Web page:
The other day we stopped by Whipsaw Creek where our friend Liz remembered collecting fossils with her children many years ago.  I’d seen fossils of Eosalmo driftwoodensis, a genus of extinct salmon found in various locations, including the Princeton area. The fossils in the Princeton chert are from the Eocene period, dating back 56-33 millions years. The little museum in Princeton has a good collection but this time we were going to look for our own and I had my heart set on a fish.

Alas. But I was so glad to find this, a tiny bit of flora from the past contained in a piece of rock. (Look at the upper edge of the rock. I tried to get the clearest image possible but I don’t have a camera designed for this kind of photography.)

little fossil from Whipsaw CreekI don’t know what kind of leaf it is.  Other finds in the area include dawn redwoods, ginkgos, the samara and leaves of elms, birches, ferns, and conifers. But to hold this in my hand, something millions of years old, and to think of its origins in that place…How much is contained in such a small remnant of the past.

When you pay attention, the past is everywhere. It might be the immediate past, like this skin discarded by a garter snake sometime in the last few days (and discovered this morning as I watered the rhododendron it was lying under):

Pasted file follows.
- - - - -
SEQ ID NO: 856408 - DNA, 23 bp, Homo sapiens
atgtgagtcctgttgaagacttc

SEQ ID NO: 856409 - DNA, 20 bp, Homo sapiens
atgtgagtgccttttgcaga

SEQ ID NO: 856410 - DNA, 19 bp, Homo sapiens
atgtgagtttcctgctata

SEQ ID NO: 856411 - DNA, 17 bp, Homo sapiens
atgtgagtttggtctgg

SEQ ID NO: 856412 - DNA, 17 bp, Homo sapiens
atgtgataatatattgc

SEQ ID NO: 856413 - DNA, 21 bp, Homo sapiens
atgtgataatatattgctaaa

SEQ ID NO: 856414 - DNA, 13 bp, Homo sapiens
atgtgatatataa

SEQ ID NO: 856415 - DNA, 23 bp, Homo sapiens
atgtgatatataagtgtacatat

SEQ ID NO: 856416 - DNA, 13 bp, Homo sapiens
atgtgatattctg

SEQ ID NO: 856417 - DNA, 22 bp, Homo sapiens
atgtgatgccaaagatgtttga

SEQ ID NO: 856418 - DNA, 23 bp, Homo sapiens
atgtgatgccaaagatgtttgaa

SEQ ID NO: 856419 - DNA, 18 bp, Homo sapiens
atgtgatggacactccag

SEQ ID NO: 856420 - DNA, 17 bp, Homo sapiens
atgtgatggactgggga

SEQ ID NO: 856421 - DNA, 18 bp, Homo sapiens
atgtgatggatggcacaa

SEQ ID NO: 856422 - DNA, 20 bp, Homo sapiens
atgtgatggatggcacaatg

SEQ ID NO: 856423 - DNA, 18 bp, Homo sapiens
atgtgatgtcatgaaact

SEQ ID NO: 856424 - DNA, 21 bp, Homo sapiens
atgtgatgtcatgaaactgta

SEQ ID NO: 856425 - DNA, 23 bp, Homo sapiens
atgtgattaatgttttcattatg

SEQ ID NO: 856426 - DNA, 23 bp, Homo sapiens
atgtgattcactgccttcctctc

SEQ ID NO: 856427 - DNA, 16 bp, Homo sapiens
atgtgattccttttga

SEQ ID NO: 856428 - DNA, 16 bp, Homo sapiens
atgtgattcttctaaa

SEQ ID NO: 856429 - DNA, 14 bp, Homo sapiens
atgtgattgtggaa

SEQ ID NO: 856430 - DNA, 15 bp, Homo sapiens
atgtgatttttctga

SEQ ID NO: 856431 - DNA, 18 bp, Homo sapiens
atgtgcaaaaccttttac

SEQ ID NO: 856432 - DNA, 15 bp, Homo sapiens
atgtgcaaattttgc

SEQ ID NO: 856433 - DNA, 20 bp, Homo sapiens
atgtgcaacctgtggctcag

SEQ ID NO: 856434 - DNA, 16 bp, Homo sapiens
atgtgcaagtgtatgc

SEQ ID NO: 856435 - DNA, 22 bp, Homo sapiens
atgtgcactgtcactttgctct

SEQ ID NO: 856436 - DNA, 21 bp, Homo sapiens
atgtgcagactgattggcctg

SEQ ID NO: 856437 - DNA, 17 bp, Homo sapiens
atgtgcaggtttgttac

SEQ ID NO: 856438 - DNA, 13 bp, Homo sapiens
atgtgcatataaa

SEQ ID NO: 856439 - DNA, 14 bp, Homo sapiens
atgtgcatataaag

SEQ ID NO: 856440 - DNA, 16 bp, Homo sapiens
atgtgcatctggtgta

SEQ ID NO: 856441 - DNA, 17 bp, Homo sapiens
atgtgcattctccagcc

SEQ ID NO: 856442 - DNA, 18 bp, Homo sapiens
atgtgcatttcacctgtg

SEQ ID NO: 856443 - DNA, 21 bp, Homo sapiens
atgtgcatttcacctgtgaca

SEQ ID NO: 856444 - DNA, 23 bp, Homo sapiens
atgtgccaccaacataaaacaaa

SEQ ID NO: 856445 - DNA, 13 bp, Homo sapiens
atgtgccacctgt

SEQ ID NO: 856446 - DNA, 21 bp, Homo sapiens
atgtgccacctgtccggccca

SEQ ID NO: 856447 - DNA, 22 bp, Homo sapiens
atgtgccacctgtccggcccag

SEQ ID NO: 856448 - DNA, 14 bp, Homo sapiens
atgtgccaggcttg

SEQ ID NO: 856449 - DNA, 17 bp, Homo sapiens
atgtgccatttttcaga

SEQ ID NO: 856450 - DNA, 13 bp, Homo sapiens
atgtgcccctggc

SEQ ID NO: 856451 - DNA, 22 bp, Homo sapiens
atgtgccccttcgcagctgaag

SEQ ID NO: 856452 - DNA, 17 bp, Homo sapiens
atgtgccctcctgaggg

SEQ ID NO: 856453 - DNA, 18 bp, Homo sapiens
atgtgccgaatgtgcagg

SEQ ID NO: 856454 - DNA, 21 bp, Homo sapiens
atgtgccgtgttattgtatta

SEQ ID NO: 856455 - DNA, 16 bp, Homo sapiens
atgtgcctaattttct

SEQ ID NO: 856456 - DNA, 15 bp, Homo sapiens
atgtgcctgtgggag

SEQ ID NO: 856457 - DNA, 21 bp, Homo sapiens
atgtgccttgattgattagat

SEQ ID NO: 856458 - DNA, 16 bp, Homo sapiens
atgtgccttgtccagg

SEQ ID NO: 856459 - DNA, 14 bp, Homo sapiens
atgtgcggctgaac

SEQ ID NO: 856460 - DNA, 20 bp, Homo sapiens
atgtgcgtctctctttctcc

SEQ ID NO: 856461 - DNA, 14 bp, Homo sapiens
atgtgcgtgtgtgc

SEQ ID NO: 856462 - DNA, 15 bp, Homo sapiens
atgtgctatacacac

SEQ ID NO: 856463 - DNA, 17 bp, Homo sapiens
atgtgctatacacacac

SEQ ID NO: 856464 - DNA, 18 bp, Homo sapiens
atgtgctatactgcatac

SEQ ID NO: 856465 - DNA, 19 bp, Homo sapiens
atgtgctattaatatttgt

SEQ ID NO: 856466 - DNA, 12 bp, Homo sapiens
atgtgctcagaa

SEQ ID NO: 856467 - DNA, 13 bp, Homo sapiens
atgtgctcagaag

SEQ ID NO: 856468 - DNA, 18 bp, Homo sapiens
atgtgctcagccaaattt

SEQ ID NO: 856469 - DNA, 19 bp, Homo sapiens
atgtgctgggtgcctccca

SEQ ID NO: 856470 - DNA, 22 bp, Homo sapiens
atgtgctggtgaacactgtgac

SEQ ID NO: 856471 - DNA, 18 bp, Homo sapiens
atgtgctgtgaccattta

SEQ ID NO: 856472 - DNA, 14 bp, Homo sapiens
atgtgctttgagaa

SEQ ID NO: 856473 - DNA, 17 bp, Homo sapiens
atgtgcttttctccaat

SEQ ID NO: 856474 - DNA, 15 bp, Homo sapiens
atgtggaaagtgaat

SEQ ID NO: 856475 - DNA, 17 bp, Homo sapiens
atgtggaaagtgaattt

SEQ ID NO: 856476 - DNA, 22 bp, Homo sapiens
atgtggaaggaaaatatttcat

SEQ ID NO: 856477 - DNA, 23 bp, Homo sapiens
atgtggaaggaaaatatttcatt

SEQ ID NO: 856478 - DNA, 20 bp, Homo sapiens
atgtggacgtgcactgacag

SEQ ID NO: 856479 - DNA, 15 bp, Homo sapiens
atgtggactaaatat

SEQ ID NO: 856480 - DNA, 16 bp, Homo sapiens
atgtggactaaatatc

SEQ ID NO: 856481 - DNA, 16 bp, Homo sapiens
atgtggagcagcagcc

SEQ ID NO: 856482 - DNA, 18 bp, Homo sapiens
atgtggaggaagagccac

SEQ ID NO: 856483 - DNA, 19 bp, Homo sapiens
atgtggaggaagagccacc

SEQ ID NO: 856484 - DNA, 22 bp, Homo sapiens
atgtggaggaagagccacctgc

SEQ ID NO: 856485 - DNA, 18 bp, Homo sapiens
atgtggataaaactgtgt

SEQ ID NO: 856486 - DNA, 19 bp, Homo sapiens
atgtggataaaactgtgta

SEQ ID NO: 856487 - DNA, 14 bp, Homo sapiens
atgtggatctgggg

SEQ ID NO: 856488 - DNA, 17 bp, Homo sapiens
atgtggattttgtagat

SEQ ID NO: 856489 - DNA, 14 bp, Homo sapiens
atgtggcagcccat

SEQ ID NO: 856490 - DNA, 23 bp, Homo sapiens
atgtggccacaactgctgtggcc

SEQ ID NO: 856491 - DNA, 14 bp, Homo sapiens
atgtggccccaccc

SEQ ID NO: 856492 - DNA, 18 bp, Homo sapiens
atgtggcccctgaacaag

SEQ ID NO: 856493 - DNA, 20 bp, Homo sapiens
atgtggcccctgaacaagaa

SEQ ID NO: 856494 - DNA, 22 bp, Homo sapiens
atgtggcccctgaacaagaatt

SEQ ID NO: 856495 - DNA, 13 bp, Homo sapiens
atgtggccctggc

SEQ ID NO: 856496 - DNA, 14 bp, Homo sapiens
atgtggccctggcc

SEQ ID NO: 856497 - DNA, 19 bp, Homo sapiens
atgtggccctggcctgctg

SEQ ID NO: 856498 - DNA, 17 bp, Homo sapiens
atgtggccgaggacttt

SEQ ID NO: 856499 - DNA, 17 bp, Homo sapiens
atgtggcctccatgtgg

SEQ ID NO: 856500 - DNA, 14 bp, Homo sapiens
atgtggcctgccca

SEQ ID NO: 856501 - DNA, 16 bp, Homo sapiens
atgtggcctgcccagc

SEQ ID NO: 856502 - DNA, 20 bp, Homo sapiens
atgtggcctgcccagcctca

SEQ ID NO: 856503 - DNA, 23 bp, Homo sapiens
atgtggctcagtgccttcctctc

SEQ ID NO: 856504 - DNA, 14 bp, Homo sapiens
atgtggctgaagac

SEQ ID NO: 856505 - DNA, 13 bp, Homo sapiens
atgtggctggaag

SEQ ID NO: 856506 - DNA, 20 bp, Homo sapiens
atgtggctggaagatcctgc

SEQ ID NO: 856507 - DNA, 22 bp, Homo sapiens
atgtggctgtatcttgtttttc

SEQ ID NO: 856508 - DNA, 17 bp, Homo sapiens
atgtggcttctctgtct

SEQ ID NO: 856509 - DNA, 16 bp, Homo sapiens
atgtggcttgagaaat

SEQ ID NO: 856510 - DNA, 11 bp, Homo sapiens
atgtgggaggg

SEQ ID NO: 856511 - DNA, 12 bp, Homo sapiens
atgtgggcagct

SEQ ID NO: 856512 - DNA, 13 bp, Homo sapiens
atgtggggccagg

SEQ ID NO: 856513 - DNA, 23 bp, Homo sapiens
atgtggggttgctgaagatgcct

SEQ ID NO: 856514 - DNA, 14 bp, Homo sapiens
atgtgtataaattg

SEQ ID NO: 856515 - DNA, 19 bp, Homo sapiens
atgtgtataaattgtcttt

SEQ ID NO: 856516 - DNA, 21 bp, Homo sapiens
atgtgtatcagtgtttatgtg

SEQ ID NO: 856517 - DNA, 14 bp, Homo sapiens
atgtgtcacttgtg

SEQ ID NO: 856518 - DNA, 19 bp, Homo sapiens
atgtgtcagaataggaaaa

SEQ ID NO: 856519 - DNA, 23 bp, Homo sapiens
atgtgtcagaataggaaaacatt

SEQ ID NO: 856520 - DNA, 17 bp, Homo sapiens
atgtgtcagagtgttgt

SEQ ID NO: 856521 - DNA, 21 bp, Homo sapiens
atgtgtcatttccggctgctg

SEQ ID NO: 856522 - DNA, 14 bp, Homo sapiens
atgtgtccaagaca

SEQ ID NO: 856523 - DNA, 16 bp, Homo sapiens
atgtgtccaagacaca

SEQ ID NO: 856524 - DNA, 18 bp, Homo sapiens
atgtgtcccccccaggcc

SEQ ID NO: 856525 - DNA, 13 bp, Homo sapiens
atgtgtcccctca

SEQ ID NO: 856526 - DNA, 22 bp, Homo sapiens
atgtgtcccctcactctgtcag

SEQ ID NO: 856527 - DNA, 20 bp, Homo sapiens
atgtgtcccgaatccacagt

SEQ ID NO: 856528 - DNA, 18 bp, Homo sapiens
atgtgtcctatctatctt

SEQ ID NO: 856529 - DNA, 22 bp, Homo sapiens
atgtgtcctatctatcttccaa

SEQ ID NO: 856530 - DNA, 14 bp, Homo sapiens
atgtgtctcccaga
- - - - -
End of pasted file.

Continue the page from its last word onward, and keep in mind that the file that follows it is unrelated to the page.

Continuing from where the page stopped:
empty skinOr this ranch on the Bridesville-Rock Creek Road, about as eloquent as a homestead could possibly be, with its lilacs and bluebirds and weathered boards, the song of the yellow-headed blackbirds in the marsh behind me as I took this shot:


I study these and try to piece together their stories — a ginkgo leaf, maybe, at the dawn of time, a snake easing itself out of an old skin, its new one bright and tender underneath, or a ranch in its bowl of sunlight, remembering the generations who cut the hay and tended the cattle.

stopping on the Bridesville-Rock Creek road for the bluebird (of happiness)

We’re spending a few days exploring in the Similkameen-Boundary area under blue skies filled with tumbling clouds. Today we drove to Grand Forks, taking the winding Bridesville-Rock Creek road through the most beautiful soft forests and grasslands. A charmed landscape. We knew this almost right away, that we’d entered an enchanted place, when a small rabbit hopped off the road and a bobcat bounded across into the trees a little further along. Deer, ground squirrels, a marmot — every one of them looking suprised to see a car, the squirrel waking from a deep sleep in the sunlight  to scamper aside. A mountain bluebird took its time with whatever it was eating. A worm? A grasshopper? We kept seeing wildflowers — scarlet gilia, Indian paintbrush, and then a small thicket of larkspur, sticky geranium (I think it was this one, the Geranium viscosissimum; I was so busy trying to get a photograph while it waved in the wind that I forgot to touch the leaves…). We drove into Grand Forks to discover the Farmers Market in full swing which was lovely. John bought a confit of blueberries and garlic and some pickled asparagus and then we went went to the Borscht Bowl for the eponymous soup and some light vareniki made with buttermilk dough. Amazingly good.